|1991||Python||The language is very easy to understand. Famous language among data scientists and analysts.|
|2000||C#||C#(C-sharp) is mainly used for making games. Unity engine uses C# for making amazing games for all platforms|
|2009||GO||GO language is developed in Google by Robert Griesemer, Rob Pike, and Ken Thompson.|
|2011||Kotlin||Kotlin is developed by JetBrains. It is used for making an android application.|
|2014||Swift||Swift language is developed by Apple Inc. It is a general-purpose programming language.|
Choosing a Language To Learn
With so many programming languages out there, learning all of them would be impossible. So you’ll need to narrow down your choices a bit. Making the choice is really difficult, but here are a few things to think about before you do:
- Personal preference
- The kind of things you want to develop
- How limiting the language is
- How easy or hard the language is to learn
- Potential career prospects
- Whether the language is rising or declining in popularity
When a language starts declining in popularity, that’s often an indication that it’s in danger of becoming obsolete. One thing you might notice is that the bit about career prospects is near the end of the list. Many people would be inclined to put it at the top of the list, but actually, that’s a huge mistake, and the younger you are, the more of a mistake it is. Even so, it still is important.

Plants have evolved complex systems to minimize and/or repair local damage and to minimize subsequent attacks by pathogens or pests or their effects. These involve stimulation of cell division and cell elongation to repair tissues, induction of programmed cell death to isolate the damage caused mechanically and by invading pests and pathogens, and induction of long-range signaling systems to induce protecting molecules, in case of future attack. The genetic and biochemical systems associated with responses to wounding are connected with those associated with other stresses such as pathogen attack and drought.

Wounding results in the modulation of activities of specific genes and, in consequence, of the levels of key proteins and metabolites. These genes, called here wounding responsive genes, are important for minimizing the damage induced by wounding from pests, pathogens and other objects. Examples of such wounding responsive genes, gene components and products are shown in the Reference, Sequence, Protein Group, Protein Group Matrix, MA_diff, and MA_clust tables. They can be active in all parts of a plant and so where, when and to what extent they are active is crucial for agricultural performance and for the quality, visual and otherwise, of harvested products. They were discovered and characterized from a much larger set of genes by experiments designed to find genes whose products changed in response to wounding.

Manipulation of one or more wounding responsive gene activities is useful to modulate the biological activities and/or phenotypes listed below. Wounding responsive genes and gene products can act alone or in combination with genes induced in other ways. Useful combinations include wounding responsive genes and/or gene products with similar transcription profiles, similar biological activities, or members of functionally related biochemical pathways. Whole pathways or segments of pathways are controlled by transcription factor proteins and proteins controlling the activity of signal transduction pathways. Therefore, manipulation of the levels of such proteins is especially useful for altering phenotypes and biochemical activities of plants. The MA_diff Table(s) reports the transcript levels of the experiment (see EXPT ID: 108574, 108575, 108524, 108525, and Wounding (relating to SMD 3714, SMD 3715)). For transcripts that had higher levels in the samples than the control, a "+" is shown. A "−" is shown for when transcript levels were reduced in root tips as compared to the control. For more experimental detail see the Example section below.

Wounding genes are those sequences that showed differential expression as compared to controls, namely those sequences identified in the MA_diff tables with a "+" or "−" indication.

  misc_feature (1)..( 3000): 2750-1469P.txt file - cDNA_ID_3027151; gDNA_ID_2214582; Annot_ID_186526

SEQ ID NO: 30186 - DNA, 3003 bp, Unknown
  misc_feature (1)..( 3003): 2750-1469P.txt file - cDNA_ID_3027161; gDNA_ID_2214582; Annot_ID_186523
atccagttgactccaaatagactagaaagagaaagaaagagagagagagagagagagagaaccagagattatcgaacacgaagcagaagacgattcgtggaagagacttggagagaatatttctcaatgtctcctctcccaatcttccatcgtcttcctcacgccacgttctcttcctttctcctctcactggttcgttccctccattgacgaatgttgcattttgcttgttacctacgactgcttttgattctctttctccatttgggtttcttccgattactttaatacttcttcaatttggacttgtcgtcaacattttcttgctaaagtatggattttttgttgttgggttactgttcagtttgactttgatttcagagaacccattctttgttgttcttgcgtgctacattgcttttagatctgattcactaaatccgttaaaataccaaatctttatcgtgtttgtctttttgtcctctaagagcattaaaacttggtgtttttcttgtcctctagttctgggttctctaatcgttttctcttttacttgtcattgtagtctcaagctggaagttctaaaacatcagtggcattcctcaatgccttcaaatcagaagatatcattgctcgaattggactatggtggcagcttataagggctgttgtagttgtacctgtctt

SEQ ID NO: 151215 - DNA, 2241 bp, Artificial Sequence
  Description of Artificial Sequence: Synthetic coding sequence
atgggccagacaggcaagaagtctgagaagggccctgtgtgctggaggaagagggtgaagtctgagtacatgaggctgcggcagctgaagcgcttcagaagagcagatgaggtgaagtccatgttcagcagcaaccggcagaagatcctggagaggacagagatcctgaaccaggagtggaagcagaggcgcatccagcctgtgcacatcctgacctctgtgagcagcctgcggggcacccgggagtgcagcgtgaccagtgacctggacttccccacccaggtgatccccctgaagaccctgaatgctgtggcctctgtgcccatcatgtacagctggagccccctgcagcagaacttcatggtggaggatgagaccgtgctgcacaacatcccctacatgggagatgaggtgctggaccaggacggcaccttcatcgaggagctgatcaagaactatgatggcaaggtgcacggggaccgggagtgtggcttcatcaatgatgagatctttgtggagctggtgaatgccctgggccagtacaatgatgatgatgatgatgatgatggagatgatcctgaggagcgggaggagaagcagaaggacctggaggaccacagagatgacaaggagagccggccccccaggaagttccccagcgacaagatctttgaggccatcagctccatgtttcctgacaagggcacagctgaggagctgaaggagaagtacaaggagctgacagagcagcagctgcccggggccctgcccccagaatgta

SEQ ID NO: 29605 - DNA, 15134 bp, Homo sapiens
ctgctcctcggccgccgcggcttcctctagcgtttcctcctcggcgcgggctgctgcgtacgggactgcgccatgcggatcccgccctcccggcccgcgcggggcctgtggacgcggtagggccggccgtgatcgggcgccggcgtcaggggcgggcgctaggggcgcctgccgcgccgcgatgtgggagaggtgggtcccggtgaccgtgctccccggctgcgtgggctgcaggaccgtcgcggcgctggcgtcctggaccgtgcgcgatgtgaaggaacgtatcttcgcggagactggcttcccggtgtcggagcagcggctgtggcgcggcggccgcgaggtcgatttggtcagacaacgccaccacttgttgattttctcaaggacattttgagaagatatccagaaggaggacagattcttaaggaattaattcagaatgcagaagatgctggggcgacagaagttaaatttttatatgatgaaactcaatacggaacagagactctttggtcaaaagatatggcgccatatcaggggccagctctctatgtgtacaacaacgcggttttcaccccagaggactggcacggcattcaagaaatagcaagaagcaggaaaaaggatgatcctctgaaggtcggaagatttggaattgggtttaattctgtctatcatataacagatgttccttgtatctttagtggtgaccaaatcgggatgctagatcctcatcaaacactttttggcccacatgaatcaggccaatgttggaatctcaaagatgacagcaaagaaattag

Knowing what kind of things you’re likely to want to develop is really helpful too. Here’s a table that might help you decide:
|If you mainly want to develop…||You should probably learn…||And maybe avoid…|
|Games||C, C++, Python, and DarkBASIC||Ada, Java, Fortran, COBOL|
|Business applications||C, C++, Java, Python, and SQL||Fortran, COBOL|
|Science & Engineering applications||Fortran, Pascal, Ada, C++, and C||BASIC, COBOL, Java|
|Military, Aerospace, Transport and Communications applications||Ada, Python, C, C++, and SQL||COBOL|
|Educational Applications||BASIC, Python, Pascal, Java, C, C++||Fortran, COBOL|
It may seem a little odd that COBOL is on the list of languages to possibly avoid if you’re interested in developing business applications because the “B” in COBOL stands for “Business”. But it’s a really old language that doesn’t have much scope for new development, and it’s really difficult to write programs in it because it has a very strict syntax.
Programming languages are still in the process of evolution in both industries as well as in research. Only time will tell where this journey of programming languages will reach and what this technology will look like when it reaches its pinnacle.